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Our Parishes
Jamaica's parishes in 1728

How did they come about and how did they get their names - Jamaica's parishes explained.

IN 1664, the Spanish relinquished control of Jamaica to the British and Sir Thomas Modyford divided this fair isle into 7 administrative units known as parishes. These were located mainly in the mid to south- eastern end of the island: Clarendon, St. John's, St. Andrew's, St. Katherine's, Port Royal, St. David's and St. Thomas in the East. Within 25 years, by 1683 the number of parishes had doubled totalling 15 parishes as St. Dorothys, St. Thomas in the Vale, Vere, St. George's, St. Marie's and St. Ann's and St. James and St. Elizabeth's were added.
In 1692 earthquake survivors fled across the harbour and Kingston was formed a year later.
1528: Earliest map featuring Jamaica.
Courtesy of Aaron and Marjorie Matalon's gift collection to the National Gallery of Jamaica

By the mid-eighteenth century parishes covered the entire island. In 1758 the island's 3 counties Surrey, Middlesex and Cornwall were created to facilitate more convenient holdings of courts of Justice. Surrey has 4 parishes Kingston, the smallest parish, St. Andrew, St. Thomas and Portland. Middlesex has 5 St. Catherine, St. Mary, Clarendon, St. Ann and Manchester. Cornwall also has 5 St. Elizabeth, Trelawny, St. James, Hanover, the second smallest parish in the island, and Westmoreland. In the mid-nineteenth century, Jamaica recorded its largest number of parishes 22. In 1867 some parishes were melded into others and the island was left with 14 the number of parishes we have today. Each parish has a capital town and serves as a unit of local government. Kingston, which existed as a settlement of houses in the mid-1600s prior to even its formation as a town, became the capital of Jamaica in 1872. It acquired this position due to its function as a major centre for commerce and communication.


The parish of St. Andrew, formed in 1867, was originally called Liguanea after the Liguanea Plain in which it lies. Since most of the other 13 parishes were named after governors of Jamaica, their wives, or English kings, it is possible that St. Andrew derived its name similarly. St. Thomas, for example, may have been named after Thomas, Lord Windsor, Governor of Jamaica in 1662. Portland was named after the Duke of Portland, Governor in 1723, the year of the parish's formation. Kingston was once called Beeston after Sir William Beeston who served as Lt.-Governor of the island from 1693-1700. It is not known how the parish received the name Kingston although a letter from Port Royal dated July 3, 1693 referred to it being known by some as "Kingston" and others as "killcown". Kingston was made a parish in 1713.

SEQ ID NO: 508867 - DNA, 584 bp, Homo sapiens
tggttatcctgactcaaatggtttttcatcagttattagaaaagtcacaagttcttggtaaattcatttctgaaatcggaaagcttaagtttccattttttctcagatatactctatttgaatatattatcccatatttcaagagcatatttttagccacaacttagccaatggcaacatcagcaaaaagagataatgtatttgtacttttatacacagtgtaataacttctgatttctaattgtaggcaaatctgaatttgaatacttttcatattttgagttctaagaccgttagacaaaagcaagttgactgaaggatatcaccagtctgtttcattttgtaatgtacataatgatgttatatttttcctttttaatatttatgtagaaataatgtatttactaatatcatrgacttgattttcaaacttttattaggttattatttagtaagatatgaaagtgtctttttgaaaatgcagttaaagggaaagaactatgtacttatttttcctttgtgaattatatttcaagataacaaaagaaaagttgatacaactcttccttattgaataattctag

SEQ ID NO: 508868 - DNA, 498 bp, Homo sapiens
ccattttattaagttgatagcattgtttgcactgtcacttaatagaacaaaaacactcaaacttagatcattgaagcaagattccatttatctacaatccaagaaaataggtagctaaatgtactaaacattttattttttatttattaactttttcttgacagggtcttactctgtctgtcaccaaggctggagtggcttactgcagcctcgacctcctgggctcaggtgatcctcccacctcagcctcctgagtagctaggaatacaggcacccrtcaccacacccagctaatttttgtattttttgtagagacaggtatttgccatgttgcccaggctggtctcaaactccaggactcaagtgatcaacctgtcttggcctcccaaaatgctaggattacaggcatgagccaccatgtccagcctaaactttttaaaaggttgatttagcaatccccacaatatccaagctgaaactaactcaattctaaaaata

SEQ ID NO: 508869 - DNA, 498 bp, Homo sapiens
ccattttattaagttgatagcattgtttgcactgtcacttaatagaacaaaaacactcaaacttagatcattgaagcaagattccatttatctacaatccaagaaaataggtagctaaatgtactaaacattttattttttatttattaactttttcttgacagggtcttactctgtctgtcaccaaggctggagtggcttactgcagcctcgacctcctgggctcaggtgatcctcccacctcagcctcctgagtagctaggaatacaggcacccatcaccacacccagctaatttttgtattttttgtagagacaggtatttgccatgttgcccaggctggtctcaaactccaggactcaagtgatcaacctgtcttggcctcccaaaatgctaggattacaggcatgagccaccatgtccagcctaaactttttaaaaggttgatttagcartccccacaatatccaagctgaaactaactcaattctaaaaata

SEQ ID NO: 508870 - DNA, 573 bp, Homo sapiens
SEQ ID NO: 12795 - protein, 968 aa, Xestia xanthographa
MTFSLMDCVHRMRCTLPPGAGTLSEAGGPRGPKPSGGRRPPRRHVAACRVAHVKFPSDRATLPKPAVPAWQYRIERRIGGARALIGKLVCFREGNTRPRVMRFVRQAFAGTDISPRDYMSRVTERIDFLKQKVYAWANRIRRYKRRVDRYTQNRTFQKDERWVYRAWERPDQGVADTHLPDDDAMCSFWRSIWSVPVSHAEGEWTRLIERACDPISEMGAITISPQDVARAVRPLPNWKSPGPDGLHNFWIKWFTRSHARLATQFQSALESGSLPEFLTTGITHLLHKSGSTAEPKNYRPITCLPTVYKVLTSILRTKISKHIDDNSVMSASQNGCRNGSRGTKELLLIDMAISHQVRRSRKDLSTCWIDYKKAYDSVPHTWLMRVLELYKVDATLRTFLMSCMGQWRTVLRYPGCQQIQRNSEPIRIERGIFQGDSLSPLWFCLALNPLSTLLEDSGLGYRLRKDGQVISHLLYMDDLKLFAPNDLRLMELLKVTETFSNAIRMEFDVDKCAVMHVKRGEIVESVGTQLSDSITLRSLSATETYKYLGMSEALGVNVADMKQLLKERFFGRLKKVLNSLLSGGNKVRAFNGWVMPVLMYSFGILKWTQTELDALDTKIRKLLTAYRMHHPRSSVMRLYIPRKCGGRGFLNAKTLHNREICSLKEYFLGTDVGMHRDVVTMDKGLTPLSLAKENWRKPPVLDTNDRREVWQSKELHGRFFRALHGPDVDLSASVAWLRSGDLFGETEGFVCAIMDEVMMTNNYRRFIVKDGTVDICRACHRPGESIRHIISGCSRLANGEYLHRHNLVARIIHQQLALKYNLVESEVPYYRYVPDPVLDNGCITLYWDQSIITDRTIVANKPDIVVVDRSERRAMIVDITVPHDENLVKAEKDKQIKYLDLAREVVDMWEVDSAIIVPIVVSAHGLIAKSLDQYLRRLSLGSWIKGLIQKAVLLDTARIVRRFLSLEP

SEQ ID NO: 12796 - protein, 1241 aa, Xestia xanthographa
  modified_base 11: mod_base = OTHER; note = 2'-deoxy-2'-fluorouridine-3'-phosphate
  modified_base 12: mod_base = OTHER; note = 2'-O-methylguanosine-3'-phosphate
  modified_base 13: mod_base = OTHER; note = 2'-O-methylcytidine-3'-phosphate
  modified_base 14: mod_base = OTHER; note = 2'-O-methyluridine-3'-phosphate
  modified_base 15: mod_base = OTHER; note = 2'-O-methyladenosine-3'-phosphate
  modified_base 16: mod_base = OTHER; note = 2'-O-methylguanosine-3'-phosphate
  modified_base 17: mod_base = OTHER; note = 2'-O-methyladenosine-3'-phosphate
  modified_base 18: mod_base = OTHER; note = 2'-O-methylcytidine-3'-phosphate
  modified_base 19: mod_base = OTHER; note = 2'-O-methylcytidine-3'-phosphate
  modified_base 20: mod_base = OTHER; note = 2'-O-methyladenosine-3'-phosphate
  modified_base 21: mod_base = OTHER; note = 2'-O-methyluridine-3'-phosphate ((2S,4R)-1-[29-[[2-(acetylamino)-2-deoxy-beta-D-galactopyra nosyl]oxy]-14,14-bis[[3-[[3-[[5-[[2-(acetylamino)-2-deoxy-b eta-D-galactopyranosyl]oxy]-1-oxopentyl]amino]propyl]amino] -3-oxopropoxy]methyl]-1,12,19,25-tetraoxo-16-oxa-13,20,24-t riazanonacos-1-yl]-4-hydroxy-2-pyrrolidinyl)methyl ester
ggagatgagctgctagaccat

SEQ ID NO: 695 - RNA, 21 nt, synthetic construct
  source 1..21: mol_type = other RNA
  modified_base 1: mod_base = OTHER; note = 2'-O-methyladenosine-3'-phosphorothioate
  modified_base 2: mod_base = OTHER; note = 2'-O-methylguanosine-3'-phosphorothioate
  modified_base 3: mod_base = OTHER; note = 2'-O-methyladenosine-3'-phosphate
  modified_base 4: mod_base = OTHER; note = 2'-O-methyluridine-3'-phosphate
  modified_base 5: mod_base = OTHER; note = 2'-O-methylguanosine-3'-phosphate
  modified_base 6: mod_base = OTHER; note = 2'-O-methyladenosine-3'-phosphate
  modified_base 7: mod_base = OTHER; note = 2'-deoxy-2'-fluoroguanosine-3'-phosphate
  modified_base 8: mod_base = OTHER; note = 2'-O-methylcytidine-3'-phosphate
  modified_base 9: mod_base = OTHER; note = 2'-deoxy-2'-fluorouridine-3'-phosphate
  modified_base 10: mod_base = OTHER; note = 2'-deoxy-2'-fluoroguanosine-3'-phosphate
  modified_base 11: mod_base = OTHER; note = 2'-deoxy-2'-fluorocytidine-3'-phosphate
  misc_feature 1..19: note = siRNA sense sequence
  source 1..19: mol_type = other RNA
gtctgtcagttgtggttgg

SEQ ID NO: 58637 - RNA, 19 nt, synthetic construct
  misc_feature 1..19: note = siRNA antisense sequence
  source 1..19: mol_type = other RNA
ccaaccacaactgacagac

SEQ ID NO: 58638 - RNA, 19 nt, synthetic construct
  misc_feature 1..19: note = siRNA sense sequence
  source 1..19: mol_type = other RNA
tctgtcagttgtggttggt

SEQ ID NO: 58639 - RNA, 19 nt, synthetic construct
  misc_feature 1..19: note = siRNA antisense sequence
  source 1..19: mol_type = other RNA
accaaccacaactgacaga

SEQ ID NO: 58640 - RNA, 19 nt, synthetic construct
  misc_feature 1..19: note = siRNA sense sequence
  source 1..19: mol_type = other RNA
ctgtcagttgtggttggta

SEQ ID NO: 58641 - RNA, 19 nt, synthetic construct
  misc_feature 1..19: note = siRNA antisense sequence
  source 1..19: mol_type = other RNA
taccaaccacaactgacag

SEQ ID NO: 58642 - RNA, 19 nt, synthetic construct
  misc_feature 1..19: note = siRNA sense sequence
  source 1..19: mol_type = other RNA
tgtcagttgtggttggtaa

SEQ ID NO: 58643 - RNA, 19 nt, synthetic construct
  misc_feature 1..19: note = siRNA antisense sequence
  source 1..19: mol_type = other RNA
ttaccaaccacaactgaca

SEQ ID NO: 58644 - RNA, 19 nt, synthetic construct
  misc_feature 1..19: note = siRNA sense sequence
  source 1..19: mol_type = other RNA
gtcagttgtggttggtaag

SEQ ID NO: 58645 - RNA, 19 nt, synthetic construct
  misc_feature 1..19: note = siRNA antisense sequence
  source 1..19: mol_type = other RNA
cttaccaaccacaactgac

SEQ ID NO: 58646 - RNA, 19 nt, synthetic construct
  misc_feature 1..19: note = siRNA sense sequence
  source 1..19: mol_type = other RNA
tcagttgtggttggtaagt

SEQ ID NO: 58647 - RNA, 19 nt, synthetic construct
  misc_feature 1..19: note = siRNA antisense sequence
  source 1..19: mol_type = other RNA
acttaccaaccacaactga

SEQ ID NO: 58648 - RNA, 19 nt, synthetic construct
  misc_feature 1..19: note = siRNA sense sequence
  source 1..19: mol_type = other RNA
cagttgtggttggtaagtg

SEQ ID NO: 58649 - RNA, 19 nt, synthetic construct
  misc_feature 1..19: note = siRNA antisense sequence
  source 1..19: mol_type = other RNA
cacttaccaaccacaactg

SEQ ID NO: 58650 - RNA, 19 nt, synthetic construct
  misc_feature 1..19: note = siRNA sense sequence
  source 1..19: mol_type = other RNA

St. Catherine, formed in 1867, was named after Charles II's Queen, Katherine, and it was once spelled as such. Charles II was king when the parish was formed. St. Mary, may have been named after the Spanish port Santa Maria, although Modyford's daughter was called Mary and when St. Mary was first formed, it was next to the parish of St. George which was named after George Nedham, Mary's husband. Clarendon was named after Cromwell, the Lord Chancellor and St. Ann was named after Ann Hyde, wife of James II. In 1814 Manchester was formed from the parishes of Clarendon, Vere and St. Elizabeth. It was named after the Duke of Manchester who was governor of Jamaica when it was formed.


St. Elizabeth was named in honour of Elizabeth, wife of Sir Thomas Modyford, who was Governor when it was formed in the seventeenth century. Trelawny, formed in 1770 was named for former governor Sir William Trelawny who died in Jamaica in 1772. St. James was named for the Duke of York who became James II. Hanover, formed in 1725-26 out of parts of Westmoreland and St. James, it was named after the then reigning family in England it was originally to be called St. Sophia in honour of the mother of George I but this idea was overridden. Formed in 1703, Westmoreland's name may simply come from the fact that it is the westernmost parish in the island. Each parish has unique places of interest and characteristics. St. Ann, for example, is known as the Garden Parish for its extreme beauty. The population of our 14 parishes is approximately 2.6 million people, the majority of which reside in the parishes of Kingston and St. Andrew.

Article by Rebecca Tortello.

Sources: Bryce, W. (1946) Ed. Reference Book of Jamaica, B.W.I., Cundall, F. (1926) Handbook of Jamaica for 1926, The Gleaner (1995). Geography and History of Jamaica. 24th Edition, Our Island, Jamaica, Mike Morrissey.


Jamaica's parishes in 1762
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A Jamaica Gleaner Feature posted October 29, 2001
Copyright 2001. Produced by Go-Jamaica.com